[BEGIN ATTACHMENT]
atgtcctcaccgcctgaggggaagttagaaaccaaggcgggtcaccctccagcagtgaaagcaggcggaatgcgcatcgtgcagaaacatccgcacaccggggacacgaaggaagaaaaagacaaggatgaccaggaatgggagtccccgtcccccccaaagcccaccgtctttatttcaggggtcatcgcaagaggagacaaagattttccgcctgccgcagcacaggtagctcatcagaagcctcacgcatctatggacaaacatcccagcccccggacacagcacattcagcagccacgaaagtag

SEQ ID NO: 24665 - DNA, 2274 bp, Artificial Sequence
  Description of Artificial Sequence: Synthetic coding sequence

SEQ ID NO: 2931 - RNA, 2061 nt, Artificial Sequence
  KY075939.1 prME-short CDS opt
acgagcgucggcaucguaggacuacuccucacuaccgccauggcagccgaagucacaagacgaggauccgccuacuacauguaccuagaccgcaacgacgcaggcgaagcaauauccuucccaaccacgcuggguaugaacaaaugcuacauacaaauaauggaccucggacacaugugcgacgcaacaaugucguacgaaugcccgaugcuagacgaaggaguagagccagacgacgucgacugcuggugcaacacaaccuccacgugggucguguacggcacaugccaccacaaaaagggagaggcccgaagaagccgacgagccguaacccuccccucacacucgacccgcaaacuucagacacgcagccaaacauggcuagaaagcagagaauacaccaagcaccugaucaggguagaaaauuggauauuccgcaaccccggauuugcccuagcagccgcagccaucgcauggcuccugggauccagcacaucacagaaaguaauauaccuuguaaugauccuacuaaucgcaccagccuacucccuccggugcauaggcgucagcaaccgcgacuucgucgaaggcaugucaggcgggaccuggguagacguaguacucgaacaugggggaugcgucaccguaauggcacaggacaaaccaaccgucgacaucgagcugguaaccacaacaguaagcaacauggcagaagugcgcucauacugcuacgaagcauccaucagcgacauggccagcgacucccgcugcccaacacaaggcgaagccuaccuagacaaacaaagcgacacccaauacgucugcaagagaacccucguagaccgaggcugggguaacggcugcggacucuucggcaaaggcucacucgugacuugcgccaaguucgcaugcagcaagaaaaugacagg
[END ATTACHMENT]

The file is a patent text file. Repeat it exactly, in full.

atgtcctcaccgcctgaggggaagttagaaaccaaggcgggtcaccctccagcagtgaaagcaggcggaatgcgcatcgtgcagaaacatccgcacaccggggacacgaaggaagaaaaagacaaggatgaccaggaatgggagtccccgtcccccccaaagcccaccgtctttatttcaggggtcatcgcaagaggagacaaagattttccgcctgccgcagcacaggtagctcatcagaagcctcacgcatctatggacaaacatcccagcccccggacacagcacattcagcagccacgaaagtag

SEQ ID NO: 24665 - DNA, 2274 bp, Artificial Sequence
  Description of Artificial Sequence: Synthetic coding sequence

SEQ ID NO: 2931 - RNA, 2061 nt, Artificial Sequence
  KY075939.1 prME-short CDS opt
acgagcgucggcaucguaggacuacuccucacuaccgccauggcagccgaagucacaagacgaggauccgccuacuacauguaccuagaccgcaacgacgcaggcgaagcaauauccuucccaaccacgcuggguaugaacaaaugcuacauacaaauaauggaccucggacacaugugcgacgcaacaaugucguacgaaugcccgaugcuagacgaaggaguagagccagacgacgucgacugcuggugcaacacaaccuccacgugggucguguacggcacaugccaccacaaaaagggagaggcccgaagaagccgacgagccguaacccuccccucacacucgacccgcaaacuucagacacgcagccaaacauggcuagaaagcagagaauacaccaagcaccugaucaggguagaaaauuggauauuccgcaaccccggauuugcccuagcagccgcagccaucgcauggcuccugggauccagcacaucacagaaaguaauauaccuuguaaugauccuacuaaucgcaccagccuacucccuccggugcauaggcgucagcaaccgcgacuucgucgaaggcaugucaggcgggaccuggguagacguaguacucgaacaugggggaugcgucaccguaauggcacaggacaaaccaaccgucgacaucgagcugguaaccacaacaguaagcaacauggcagaagugcgcucauacugcuacgaagcauccaucagcgacauggccagcgacucccgcugcccaacacaaggcgaagccuaccuagacaaacaaagcgacacccaauacgucugcaagagaacccucguagaccgaggcugggguaacggcugcggacucuucggcaaaggcucacucgugacuugcgccaaguucgcaugcagcaagaaaaugacagg